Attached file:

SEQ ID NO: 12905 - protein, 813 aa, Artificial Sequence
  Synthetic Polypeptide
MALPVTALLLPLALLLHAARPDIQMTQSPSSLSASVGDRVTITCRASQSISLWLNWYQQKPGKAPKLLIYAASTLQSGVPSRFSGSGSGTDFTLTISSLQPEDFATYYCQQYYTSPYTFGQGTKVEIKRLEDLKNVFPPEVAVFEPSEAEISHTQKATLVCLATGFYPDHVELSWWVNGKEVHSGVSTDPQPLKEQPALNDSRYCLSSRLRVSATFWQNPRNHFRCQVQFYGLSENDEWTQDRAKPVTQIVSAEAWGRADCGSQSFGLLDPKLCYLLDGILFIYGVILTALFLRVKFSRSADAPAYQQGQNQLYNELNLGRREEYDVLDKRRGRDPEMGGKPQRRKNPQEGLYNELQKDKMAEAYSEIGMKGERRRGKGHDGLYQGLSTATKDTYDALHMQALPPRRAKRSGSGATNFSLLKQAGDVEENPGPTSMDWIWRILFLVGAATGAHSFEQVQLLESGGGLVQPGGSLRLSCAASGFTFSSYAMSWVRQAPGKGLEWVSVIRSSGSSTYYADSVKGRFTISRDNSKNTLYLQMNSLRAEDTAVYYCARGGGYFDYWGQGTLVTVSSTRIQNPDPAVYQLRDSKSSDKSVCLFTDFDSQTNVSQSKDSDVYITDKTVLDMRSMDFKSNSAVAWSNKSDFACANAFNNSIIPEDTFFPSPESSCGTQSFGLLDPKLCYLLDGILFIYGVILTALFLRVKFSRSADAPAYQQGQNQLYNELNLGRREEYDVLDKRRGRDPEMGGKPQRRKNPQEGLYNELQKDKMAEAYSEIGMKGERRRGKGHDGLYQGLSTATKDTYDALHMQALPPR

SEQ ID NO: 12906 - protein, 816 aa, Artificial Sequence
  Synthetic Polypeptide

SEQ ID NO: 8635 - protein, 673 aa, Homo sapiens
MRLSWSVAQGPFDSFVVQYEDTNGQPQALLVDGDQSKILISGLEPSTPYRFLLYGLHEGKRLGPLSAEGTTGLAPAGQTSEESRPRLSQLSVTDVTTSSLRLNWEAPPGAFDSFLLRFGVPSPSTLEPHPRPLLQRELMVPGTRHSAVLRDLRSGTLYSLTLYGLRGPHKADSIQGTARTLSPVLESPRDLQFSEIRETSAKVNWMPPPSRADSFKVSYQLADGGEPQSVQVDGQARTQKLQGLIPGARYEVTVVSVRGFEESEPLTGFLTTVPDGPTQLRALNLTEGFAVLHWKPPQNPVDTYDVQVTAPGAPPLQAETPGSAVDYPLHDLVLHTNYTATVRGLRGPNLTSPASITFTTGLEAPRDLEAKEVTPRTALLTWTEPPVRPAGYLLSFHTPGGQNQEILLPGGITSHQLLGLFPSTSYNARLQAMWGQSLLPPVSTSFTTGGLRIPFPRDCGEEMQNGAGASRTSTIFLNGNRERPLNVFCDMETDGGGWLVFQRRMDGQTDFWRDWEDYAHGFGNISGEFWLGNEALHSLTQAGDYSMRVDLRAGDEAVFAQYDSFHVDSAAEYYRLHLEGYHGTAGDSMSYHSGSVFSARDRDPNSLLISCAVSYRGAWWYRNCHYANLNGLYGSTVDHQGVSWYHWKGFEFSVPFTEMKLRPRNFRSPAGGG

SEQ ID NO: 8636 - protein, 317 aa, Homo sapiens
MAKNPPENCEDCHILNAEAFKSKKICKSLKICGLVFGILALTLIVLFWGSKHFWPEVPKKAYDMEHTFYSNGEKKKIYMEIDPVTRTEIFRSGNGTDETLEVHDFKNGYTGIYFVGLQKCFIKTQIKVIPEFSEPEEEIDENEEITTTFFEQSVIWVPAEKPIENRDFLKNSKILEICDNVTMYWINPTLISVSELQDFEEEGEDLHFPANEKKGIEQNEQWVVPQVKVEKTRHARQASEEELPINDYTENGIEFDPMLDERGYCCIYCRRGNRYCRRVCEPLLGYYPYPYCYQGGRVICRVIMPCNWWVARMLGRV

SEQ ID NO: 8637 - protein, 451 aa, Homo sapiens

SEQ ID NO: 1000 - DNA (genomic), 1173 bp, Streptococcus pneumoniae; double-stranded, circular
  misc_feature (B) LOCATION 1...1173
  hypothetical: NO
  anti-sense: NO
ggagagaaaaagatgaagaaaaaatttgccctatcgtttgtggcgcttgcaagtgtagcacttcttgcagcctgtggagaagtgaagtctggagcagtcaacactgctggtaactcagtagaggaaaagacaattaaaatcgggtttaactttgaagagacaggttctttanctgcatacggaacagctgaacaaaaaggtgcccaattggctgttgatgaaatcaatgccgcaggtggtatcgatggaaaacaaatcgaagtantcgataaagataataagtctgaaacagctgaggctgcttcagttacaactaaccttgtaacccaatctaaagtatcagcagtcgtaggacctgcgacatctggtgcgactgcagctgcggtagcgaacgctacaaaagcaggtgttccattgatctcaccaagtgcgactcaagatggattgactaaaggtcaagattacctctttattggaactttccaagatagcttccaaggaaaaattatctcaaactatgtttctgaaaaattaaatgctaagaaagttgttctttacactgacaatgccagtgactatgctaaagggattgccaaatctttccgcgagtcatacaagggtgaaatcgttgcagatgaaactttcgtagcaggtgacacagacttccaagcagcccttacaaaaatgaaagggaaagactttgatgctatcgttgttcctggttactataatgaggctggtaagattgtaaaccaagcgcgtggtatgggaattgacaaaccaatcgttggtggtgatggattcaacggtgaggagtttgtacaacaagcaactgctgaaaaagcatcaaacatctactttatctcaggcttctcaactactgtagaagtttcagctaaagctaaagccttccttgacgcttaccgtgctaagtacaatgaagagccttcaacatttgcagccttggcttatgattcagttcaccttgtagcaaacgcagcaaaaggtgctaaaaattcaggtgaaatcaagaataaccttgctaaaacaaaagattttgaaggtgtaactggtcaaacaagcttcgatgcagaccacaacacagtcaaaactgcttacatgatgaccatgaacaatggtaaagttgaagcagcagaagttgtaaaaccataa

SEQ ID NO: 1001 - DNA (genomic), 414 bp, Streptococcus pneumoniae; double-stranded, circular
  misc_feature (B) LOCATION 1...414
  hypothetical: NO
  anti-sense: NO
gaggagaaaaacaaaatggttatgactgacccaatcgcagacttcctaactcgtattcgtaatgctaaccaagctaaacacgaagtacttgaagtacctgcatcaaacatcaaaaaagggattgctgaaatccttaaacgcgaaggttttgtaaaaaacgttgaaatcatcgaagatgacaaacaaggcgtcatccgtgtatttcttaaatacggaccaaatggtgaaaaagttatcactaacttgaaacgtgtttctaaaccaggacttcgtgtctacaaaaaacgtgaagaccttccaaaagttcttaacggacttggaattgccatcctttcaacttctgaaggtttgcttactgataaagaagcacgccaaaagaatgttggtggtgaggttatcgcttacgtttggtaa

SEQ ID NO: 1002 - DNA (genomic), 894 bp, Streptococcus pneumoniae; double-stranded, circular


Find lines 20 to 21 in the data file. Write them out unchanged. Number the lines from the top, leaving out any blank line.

gaggagaaaaacaaaatggttatgactgacccaatcgcagacttcctaactcgtattcgtaatgctaaccaagctaaacacgaagtacttgaagtacctgcatcaaacatcaaaaaagggattgctgaaatccttaaacgcgaaggttttgtaaaaaacgttgaaatcatcgaagatgacaaacaaggcgtcatccgtgtatttcttaaatacggaccaaatggtgaaaaagttatcactaacttgaaacgtgtttctaaaccaggacttcgtgtctacaaaaaacgtgaagaccttccaaaagttcttaacggacttggaattgccatcctttcaacttctgaaggtttgcttactgataaagaagcacgccaaaagaatgttggtggtgaggttatcgcttacgtttggtaa

SEQ ID NO: 1002 - DNA (genomic), 894 bp, Streptococcus pneumoniae; double-stranded, circular